American Constitution

The Articles of Confederation was the first governing constitution of the United States of America.  While it had imperfections and defects, the principles it laid down can be considered as one of the landmarks in world history.  For one, it was one of the written constitutions in the world where the powers of government and the rights of the people were outlined.  It was also the first attempt in history to create a representative and republican government where the people were given opportunity to choose their own leaders.

The Articles of Confederation however had its share of weaknesses.  The pervading political philosophy during the 18th Century was against centralization and concentration of power.  This was brought about by the past experiences in the hands of the King of Great Britain who wielded almost absolute power even against the individual states leading to despotism and abuse of power.  As a result, the Articles of Confederation avoided over-concentration of power in the hands of the national government.

Moreover, the power of the National Congress over the States was made very specific and definite.  The power to levy taxes however was reserved to the state governments.  In effect, the national Congress had no power to raise revenues and could not request the state governments to raise their revenue to cover their share of the national expenditures (“America under the Articles of Confederation,” p.2).

Traders and merchants doing business from one border to another were likewise confused with the different trade laws.  Since the national government had not been expressly granted the right to control interstate commerce, the states were given discretion to draft laws relating to trade and commerce which oftentimes conflicted with other states.

Because of the weakness of the Articles of Confederation it was replaced by the United States Constitution.  One improvement made by the framers of the United States Constitution was the establishment of federalism.  Federalism is defined as the political philosophy that underlies a system of government in which sovereignty is constitutionally divided between a central governing authority and constituent political units like states or provinces.

In effect, the framers of the United States Constitution attempted to preserve the power granted to the individual states but at the same time strengthened the role of the federal or national government (“Five Things You Should Know about the US Constitution,” 2008, p.1).  It is the essence of the Federal System of government that a real cooperation and mutual support is created between the Federal government and the individual states.

While the powers of the national government were strengthened, the lessons learned in the hands of the British rule were not forgotten.  Thus, the powers of government were conveniently divided among the three major branches of government.  These three branches are the Executive, Judiciary and Legislature.  Each of these three branches is supreme within its own sphere and is considered co-equal branches.  The US Constitution entrusted to the President the power to execute the law while the power to make, amend or repeal laws was entrusted to the Legislature and the power to interpret the constitution and existing laws were entrusted to the Judiciary.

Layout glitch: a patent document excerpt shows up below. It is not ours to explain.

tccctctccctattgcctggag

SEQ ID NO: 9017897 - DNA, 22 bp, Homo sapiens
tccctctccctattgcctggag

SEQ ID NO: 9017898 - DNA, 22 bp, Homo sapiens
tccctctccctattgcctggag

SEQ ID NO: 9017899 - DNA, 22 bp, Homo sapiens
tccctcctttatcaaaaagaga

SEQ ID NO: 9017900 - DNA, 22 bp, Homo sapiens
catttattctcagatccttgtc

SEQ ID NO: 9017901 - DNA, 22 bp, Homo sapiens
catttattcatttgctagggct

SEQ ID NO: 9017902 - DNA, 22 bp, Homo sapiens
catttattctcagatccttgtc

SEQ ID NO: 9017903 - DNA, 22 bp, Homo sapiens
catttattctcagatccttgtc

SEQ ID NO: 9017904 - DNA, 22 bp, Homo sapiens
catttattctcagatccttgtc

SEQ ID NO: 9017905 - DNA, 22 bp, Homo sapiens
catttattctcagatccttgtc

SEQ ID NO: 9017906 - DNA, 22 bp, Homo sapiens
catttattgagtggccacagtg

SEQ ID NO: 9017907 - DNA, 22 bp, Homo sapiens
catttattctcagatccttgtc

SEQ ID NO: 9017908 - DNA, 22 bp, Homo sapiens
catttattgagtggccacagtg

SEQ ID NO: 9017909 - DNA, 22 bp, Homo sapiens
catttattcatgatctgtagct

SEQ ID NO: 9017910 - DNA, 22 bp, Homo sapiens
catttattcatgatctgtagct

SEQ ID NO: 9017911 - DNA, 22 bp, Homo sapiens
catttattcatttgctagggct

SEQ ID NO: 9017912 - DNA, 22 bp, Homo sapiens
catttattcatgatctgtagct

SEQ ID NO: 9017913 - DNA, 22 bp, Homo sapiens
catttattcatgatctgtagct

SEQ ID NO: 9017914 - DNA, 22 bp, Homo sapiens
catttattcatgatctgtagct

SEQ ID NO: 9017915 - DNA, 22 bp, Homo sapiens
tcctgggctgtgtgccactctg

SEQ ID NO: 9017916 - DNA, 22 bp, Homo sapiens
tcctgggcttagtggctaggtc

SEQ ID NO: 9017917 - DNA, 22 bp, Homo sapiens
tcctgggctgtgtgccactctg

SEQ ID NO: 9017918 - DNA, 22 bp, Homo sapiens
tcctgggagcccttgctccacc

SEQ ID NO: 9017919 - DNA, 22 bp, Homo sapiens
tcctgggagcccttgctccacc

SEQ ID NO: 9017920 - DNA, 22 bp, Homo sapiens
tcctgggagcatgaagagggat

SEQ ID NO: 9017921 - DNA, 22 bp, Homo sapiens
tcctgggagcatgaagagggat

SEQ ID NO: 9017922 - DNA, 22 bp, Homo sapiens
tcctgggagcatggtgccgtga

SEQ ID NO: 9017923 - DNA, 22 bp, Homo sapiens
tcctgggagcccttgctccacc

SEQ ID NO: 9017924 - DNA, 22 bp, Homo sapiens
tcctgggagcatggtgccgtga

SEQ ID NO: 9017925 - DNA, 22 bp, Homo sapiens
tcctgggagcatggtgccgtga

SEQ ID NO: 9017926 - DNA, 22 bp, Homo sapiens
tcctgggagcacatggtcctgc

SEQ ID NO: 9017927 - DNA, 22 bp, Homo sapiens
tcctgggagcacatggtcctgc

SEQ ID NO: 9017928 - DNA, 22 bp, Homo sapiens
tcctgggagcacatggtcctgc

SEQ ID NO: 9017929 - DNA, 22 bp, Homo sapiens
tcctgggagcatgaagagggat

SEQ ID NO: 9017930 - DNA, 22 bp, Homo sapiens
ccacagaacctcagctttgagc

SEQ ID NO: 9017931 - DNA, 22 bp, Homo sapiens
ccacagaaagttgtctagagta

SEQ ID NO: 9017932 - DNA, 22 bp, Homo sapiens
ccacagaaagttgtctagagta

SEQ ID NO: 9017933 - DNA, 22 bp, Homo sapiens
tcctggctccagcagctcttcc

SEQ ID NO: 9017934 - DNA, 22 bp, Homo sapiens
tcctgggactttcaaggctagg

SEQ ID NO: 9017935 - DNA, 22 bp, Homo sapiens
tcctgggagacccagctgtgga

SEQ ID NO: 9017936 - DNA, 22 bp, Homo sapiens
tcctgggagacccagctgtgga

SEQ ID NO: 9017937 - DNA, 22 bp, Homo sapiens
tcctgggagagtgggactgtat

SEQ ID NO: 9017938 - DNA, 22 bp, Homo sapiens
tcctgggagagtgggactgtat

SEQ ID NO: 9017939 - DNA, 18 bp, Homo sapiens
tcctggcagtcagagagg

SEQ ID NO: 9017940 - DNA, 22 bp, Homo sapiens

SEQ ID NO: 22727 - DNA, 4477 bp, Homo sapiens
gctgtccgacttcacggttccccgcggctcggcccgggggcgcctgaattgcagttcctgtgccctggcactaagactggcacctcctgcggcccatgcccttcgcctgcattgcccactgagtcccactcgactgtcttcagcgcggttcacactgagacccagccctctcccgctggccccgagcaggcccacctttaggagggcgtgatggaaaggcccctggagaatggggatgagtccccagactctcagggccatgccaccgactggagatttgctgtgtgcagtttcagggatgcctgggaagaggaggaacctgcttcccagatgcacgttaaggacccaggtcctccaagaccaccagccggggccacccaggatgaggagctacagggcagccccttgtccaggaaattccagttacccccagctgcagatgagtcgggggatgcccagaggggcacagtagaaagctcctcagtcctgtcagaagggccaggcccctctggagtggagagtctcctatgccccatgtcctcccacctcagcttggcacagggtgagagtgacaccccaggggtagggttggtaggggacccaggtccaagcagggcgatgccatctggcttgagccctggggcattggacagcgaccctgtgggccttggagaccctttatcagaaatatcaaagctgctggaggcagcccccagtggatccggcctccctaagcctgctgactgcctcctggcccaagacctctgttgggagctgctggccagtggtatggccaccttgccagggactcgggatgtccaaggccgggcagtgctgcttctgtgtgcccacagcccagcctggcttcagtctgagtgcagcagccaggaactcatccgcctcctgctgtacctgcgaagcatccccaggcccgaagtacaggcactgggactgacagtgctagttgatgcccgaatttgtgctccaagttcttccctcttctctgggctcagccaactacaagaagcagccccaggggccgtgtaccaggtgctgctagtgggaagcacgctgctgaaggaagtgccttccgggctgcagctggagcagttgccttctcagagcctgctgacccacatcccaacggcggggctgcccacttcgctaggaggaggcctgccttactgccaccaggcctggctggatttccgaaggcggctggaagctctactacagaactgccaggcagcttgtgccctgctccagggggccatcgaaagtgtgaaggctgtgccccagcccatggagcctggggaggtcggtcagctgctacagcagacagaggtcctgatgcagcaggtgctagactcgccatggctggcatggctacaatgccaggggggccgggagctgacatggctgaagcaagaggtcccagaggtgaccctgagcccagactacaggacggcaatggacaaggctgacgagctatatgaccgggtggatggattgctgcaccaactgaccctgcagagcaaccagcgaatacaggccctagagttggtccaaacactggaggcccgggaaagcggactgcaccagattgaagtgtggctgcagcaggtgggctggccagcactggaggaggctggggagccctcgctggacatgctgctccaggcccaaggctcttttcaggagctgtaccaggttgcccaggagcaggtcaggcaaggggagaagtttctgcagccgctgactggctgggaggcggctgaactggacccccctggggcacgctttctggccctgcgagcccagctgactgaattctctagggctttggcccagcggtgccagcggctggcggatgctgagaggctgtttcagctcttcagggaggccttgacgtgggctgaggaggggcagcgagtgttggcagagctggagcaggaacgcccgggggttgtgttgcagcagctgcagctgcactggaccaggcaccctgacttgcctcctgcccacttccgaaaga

Unlike in the Articles of Confederation where Congress could only request states to pay taxes, Article 1 Section 8 of the Constitution specifically grants such power to Congress.  Thus, the national government is no longer powerless against the different states in case they refused to pay taxes, “The Congress shall have Power to lay and collect Taxes, Duties, Imposts and Excises, to pay the Debts and provide for the common Defense and general Welfare of the United States; but all Duties, Imposts and Excises shall be uniform throughout the United States”

Under the Articles of Confederation Congress cannot regulate trade.  Aside from the tariff war among different states this likewise resulted to the inability of the government to raise funds needed to operate its machinery.  Art 1 Section 8 Clause 3 gives the Congress the power to regulate trade, “The Congress shall have power…To regulate Commerce with foreign Nations, and among the several States, and with the Indian Tribes.”

Conclusion

There is no bad or good constitution as every constitution is written in response to certain problems or concerns at the time it is drafted.  The Articles of Confederation embodied the ideals and aspirations of every member of the Union and was considered as the solution to the problems of the Union at the time it was drafted.  The same is true for the US Constitution.  Both these documents despite their fundamental differences serve embody the ideals and aspirations of the people during their time.

Bibliographies

  • "America under the Articles of Confederation." American Eras. Gale Research Inc. 1997.
  • Retrieved December 28, 2008 from HighBeam Research: http://www.highbeam.com/doc/1G2-2536600772.html
  • "Five Things You Should Know About the U.S. Constitution." PR Newswire. PR Newswire
  • Association LLC. 2008. Retrieved December 28, 2008 from HighBeam Research: http://www.highbeam.com/doc/1G1-184638274.html